Why? Because Woods is about as image-conscious as any athlete who has ever lived. Sponsors might be able to live with the acts of misbehavior – ‘oh, he’s just competitive,’ has been the apology for most of Woods’ career – but they would not have liked seeing that misbehavior put in the spotlight every Monday. And, as the dollar figures grew, so would the embarrassment and the pressure to cool the act. The only thing that ever stopped John McEnroe’s behavior was when his fines for the year got to the point where his next fine would bring about a suspension: all of a sudden McEnroe wouldn’t be quite so angry on the tennis court.

Of course if the Tour ever whispered the word, ‘suspension,’ in the same sentence with Woods, tournament directors and sponsors would become apoplectic. On Monday, one tournament director was asked if he would like to have Woods in his field even if it meant investing in spittoons for every tee box.

“I’d go out there and put them in myself,” he answered.

That’s funny, but it’s part of the problem. Until someone on Tour starts telling Tiger Woods it is time to act like a grown-up, he’ll continue to act like a child.

You want to know why? Because he can.

Getty Images

2018 NCAA Golf Championships TV Schedule

By Golf Channel DigitalMay 21, 2018, 12:29 pm

Golf Channel will shine a spotlight on college golf across the next two weeks at the 2018 NCAA Division I Women’s and Men’s Golf National Championships. With more than 60 hours of live tournament and news coverage on-site from Karsten Creek Golf Club in Stillwater Oklahoma (Monday-Wednesday May 21-23 and May 28-30), Golf Channel’s coverage connects 18 straight days of live tournament golf.

Watch live coverage of the NCAA Golf Championships beginning Monday, May 21 at 4pm ET on Golf Channel and streaming.

Keep up with the social media conversation by following Golf Channel on Facebook, Twitter and Instagram. Join in by using #NCAAGolf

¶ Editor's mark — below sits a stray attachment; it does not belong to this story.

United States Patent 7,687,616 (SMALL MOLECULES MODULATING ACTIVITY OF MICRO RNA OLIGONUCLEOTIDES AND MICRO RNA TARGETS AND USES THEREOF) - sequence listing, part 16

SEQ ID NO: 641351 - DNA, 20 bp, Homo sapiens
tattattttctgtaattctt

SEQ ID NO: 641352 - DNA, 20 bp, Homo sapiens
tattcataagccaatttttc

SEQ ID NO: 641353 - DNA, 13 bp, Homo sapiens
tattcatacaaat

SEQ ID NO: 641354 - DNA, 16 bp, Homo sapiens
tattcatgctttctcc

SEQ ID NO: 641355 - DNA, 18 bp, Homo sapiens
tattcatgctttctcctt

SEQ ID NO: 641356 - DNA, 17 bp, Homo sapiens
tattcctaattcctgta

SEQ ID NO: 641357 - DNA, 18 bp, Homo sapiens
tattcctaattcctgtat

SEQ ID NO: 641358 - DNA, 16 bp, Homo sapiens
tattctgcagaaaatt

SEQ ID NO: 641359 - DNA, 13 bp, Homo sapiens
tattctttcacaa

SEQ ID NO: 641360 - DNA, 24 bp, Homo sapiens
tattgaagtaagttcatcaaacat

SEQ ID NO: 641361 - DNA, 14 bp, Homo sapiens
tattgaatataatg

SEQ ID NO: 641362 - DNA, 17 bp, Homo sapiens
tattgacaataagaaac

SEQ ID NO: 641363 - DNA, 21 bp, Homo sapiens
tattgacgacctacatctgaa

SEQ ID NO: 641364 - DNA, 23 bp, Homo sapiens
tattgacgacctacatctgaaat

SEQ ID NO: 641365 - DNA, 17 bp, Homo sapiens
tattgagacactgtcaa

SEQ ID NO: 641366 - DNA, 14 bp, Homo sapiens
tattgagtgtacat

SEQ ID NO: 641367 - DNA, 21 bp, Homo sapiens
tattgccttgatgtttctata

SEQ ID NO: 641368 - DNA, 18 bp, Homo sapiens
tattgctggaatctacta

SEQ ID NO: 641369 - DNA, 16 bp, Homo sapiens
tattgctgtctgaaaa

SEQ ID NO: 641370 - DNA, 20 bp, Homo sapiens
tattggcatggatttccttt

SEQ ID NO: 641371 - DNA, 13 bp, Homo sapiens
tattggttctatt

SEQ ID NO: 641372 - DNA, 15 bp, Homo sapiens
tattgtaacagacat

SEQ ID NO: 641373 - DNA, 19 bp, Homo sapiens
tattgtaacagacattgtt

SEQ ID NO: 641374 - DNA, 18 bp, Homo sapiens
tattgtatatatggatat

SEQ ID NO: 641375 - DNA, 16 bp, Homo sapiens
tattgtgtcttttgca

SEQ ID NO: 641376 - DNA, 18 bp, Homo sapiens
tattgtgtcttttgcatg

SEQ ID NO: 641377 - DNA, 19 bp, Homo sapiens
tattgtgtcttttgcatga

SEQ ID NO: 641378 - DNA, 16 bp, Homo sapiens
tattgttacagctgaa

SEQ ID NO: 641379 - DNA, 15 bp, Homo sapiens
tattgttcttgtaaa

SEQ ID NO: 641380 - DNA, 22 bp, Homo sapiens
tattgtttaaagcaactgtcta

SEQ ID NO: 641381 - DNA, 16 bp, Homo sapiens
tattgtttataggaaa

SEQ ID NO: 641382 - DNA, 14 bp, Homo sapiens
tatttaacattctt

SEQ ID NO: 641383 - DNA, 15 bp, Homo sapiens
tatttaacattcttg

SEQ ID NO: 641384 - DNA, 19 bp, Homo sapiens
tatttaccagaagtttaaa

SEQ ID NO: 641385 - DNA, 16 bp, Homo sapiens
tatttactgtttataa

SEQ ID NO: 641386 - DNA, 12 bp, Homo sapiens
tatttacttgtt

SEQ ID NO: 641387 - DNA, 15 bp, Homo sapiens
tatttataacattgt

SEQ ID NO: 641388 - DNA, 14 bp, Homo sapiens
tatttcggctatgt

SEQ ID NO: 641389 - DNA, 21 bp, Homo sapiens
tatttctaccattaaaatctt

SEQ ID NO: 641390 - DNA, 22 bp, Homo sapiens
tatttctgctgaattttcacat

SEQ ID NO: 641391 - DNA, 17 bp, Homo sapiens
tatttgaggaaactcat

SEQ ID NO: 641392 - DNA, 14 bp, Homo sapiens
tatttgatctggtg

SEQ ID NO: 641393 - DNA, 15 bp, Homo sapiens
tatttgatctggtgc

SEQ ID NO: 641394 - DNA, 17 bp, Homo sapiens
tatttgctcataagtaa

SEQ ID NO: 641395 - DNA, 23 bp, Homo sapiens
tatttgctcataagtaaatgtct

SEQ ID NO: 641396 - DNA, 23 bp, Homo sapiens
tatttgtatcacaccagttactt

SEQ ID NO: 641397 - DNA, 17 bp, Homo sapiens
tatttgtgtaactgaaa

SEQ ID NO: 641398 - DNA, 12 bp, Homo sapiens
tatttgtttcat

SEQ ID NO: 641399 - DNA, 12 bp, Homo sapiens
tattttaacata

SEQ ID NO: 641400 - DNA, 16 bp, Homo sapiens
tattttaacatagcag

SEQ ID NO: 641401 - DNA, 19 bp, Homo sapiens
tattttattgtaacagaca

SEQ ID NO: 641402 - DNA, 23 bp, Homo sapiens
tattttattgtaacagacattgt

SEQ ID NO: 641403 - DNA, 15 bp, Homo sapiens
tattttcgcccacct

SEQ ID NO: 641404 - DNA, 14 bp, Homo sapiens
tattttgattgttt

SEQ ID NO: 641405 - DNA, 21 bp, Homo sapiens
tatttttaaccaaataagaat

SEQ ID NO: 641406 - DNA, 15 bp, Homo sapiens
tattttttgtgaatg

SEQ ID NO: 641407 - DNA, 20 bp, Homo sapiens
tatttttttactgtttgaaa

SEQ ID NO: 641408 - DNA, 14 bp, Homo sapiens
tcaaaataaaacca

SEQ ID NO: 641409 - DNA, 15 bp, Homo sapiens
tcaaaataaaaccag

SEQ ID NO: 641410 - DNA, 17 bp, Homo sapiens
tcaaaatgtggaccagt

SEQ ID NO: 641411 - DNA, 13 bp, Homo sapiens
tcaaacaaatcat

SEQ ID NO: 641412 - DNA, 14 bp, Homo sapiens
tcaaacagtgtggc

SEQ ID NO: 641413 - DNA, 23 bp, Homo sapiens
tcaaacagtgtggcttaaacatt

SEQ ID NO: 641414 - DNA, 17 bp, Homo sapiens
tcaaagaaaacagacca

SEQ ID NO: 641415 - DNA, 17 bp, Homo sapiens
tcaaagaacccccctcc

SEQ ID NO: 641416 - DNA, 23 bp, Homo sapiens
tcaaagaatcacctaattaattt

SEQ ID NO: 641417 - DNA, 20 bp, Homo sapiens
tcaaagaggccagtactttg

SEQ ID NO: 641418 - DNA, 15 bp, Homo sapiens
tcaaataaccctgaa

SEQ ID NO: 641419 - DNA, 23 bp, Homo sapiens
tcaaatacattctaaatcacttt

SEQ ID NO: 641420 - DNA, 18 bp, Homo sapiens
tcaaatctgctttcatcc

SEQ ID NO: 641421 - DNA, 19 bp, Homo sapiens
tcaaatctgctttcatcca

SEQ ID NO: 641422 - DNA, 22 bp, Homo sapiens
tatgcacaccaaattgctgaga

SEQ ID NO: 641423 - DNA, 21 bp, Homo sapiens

Golf Channel NCAA Women’s Golf Championships Coverage (all times ET)

Monday, May 21: Individual National Championship  4-8 p.m. (Live)

Tuesday, May 22:Quarterfinals, Team Match Play 11 a.m.-1:30 p.m. (Live)

Tuesday, May 22: Semifinals, Team Match Play 4-8 p.m. (Live)

Wednesday, May 23:Team Match Play National Championship 4-8 p.m. (Live)


Golf Channel NCAA Men’s Golf Championships Coverage (all times ET)

Monday, May 28: Individual National Championship 4-8 p.m. (Live)

Tuesday, May 29: Quarterfinals, Team Match Play 11 a.m.-1:30 p.m. (Live)

Tuesday, May 29: Semifinals, Team Match Play 4-8 p.m. (Live)

Wednesday, May 30: Team Match Play National Championship 4-8 p.m. (Live)

Getty Images

AT&T Byron Nelson purse payout: Wise a millionaire

By Golf Channel DigitalMay 21, 2018, 12:05 pm

PGA Tour rookie Aaron Wise earned his first Tour title on Sunday at the AT&T Byron Nelson. Here's a look at how the purse was paid out at Trinity Forest:

1 Aaron Wise -23 $1,386,000
2 Marc Leishman -20 $831,600
T3 Branden Grace -19 $400,400
T3 J.J. Spaun -19 $400,400
T3 Keith Mitchell -19 $400,400
T6 Ryan Blaum -16 $257,950
T6 Kevin Na -16 $257,950
T6 Jimmy Walker -16 $257,950
T9 Adam Scott -15 $207,900
T9 Charles Howell III -15 $207,900
T9 Kevin Tway -15 $207,900
12 Brian Gay -14 $177,100
T13 Rory Sabbatini -13 $148,867
T13 Ethan Tracy -13 $148,867
T13 Matt Jones -13 $148,867
T16 Russell Knox -12 $115,500
T16 Hideki Matsuyama -12 $115,500
T16 Bronson Burgoon -12 $115,500
T16 Derek Fathauer -12 $115,500
T16 Joel Dahmen -12 $115,500
T21 Jordan Spieth -11 $80,080
T21 Billy Horschel -11 $80,080
T21 Robert Garrigus -11 $80,080
T21 Peter Uihlein -11 $80,080
T21 Martin Piller -11 $80,080
T26 Tyler Duncan -10 $55,825
T26 Anirban Lahiri -10 $55,825
T26 Parker McLachlin -10 $55,825
T26 Martin Flores -10 $55,825
T26 J.T. Poston -10 $55,825
T26 Shawn Stefani -10 $55,825
T32 Cody Gribble -9 $39,116
T32 Johnson Wagner -9 $39,116
T32 Geoff Ogilvy -9 $39,116
T32 Nick Taylor -9 $39,116
T32 C.T. Pan -9 $39,116
T32 Scott Piercy -9 $39,116
T32 Nicholas Lindheim -9 $39,116
T32 Fabian Gomez -9 $39,116
T32 Beau Hossler -9 $39,116
T32 Nate Lashley -9 $39,116
T42 Zac Blair -8 $23,184
T42 Abraham Ancer -8 $23,184
T42 Maverick McNealy -8 $23,184
T42 Denny McCarthy -8 $23,184
T42 Jonathan Byrd -8 $23,184
T42 Eric Axley -8 $23,184
T42 Sam Ryder -8 $23,184
T42 Brian Stuard -8 $23,184
T42 J.B. Holmes -8 $23,184
T42 Sung-hoon Kang -8 $23,184
T42 Andrew Putnam -8 $23,184
T53 Ben Crane -7 $17,659
T53 Steve Wheatcroft -7 $17,659
T53 Troy Merritt -7 $17,659
T53 Patrick Rodgers -7 $17,659
T53 Corey Conners -7 $17,659
T53 Robert Streb -7 $17,659
T59 Ryan Armour -6 $16,632
T59 Peter Malnati -6 $16,632
T59 Vaughn Taylor -6 $16,632
T59 Dominic Bozzelli -6 $16,632
T59 Adam Schenk -6 $16,632
T59 Hudson Swafford -6 $16,632
T59 Michael Thompson -6 $16,632
T66 Matt Atkins -5 $15,862